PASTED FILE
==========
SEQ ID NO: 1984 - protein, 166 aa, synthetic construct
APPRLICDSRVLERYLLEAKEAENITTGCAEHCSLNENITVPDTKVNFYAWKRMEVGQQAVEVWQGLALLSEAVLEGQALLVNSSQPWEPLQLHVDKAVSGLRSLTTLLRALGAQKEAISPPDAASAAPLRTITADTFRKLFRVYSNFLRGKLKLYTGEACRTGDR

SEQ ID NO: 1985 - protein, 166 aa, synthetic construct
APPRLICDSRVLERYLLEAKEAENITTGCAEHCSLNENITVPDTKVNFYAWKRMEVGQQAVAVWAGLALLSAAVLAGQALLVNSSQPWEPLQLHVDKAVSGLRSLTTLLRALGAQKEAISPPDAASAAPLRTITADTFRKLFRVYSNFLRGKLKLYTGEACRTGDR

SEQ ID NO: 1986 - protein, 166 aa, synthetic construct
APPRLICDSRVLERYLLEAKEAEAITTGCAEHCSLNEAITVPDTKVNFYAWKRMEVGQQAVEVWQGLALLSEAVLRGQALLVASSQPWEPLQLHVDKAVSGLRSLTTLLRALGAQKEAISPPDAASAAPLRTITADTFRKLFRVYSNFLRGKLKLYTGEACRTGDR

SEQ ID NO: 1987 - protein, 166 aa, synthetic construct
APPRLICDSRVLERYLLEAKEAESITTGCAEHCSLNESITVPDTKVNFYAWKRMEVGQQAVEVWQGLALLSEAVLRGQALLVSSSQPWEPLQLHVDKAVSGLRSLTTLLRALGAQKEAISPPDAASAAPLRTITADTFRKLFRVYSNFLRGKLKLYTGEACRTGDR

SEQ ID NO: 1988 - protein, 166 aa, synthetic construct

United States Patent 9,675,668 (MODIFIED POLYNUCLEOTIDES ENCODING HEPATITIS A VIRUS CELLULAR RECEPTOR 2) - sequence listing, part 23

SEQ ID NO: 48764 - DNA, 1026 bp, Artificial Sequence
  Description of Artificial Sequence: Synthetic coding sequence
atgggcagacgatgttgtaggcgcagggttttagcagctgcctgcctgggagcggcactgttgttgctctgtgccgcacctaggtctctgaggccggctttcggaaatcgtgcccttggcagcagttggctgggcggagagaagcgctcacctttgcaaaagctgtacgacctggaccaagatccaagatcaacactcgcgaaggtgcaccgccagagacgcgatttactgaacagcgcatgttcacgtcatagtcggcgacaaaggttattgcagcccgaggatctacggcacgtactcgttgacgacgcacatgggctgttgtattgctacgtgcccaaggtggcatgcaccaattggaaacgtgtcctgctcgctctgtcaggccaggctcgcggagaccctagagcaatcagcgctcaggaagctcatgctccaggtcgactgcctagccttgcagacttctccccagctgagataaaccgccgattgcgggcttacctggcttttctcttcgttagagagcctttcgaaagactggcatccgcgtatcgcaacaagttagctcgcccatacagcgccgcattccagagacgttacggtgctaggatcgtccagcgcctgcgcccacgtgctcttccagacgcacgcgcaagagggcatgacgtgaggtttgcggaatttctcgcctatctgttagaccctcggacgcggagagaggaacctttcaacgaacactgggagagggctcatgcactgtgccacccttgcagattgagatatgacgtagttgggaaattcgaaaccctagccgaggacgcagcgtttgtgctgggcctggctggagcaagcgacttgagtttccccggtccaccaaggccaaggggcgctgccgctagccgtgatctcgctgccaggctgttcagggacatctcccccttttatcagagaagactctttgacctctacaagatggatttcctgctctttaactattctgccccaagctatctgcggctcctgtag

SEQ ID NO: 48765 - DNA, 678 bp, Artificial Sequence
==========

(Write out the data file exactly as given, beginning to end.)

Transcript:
SEQ ID NO: 1984 - protein, 166 aa, synthetic construct
APPRLICDSRVLERYLLEAKEAENITTGCAEHCSLNENITVPDTKVNFYAWKRMEVGQQAVEVWQGLALLSEAVLEGQALLVNSSQPWEPLQLHVDKAVSGLRSLTTLLRALGAQKEAISPPDAASAAPLRTITADTFRKLFRVYSNFLRGKLKLYTGEACRTGDR

SEQ ID NO: 1985 - protein, 166 aa, synthetic construct
APPRLICDSRVLERYLLEAKEAENITTGCAEHCSLNENITVPDTKVNFYAWKRMEVGQQAVAVWAGLALLSAAVLAGQALLVNSSQPWEPLQLHVDKAVSGLRSLTTLLRALGAQKEAISPPDAASAAPLRTITADTFRKLFRVYSNFLRGKLKLYTGEACRTGDR

SEQ ID NO: 1986 - protein, 166 aa, synthetic construct
APPRLICDSRVLERYLLEAKEAEAITTGCAEHCSLNEAITVPDTKVNFYAWKRMEVGQQAVEVWQGLALLSEAVLRGQALLVASSQPWEPLQLHVDKAVSGLRSLTTLLRALGAQKEAISPPDAASAAPLRTITADTFRKLFRVYSNFLRGKLKLYTGEACRTGDR

SEQ ID NO: 1987 - protein, 166 aa, synthetic construct
APPRLICDSRVLERYLLEAKEAESITTGCAEHCSLNESITVPDTKVNFYAWKRMEVGQQAVEVWQGLALLSEAVLRGQALLVSSSQPWEPLQLHVDKAVSGLRSLTTLLRALGAQKEAISPPDAASAAPLRTITADTFRKLFRVYSNFLRGKLKLYTGEACRTGDR

SEQ ID NO: 1988 - protein, 166 aa, synthetic construct

United States Patent 9,675,668 (MODIFIED POLYNUCLEOTIDES ENCODING HEPATITIS A VIRUS CELLULAR RECEPTOR 2) - sequence listing, part 23

SEQ ID NO: 48764 - DNA, 1026 bp, Artificial Sequence
  Description of Artificial Sequence: Synthetic coding sequence
atgggcagacgatgttgtaggcgcagggttttagcagctgcctgcctgggagcggcactgttgttgctctgtgccgcacctaggtctctgaggccggctttcggaaatcgtgcccttggcagcagttggctgggcggagagaagcgctcacctttgcaaaagctgtacgacctggaccaagatccaagatcaacactcgcgaaggtgcaccgccagagacgcgatttactgaacagcgcatgttcacgtcatagtcggcgacaaaggttattgcagcccgaggatctacggcacgtactcgttgacgacgcacatgggctgttgtattgctacgtgcccaaggtggcatgcaccaattggaaacgtgtcctgctcgctctgtcaggccaggctcgcggagaccctagagcaatcagcgctcaggaagctcatgctccaggtcgactgcctagccttgcagacttctccccagctgagataaaccgccgattgcgggcttacctggcttttctcttcgttagagagcctttcgaaagactggcatccgcgtatcgcaacaagttagctcgcccatacagcgccgcattccagagacgttacggtgctaggatcgtccagcgcctgcgcccacgtgctcttccagacgcacgcgcaagagggcatgacgtgaggtttgcggaatttctcgcctatctgttagaccctcggacgcggagagaggaacctttcaacgaacactgggagagggctcatgcactgtgccacccttgcagattgagatatgacgtagttgggaaattcgaaaccctagccgaggacgcagcgtttgtgctgggcctggctggagcaagcgacttgagtttccccggtccaccaaggccaaggggcgctgccgctagccgtgatctcgctgccaggctgttcagggacatctcccccttttatcagagaagactctttgacctctacaagatggatttcctgctctttaactattctgccccaagctatctgcggctcctgtag

SEQ ID NO: 48765 - DNA, 678 bp, Artificial Sequence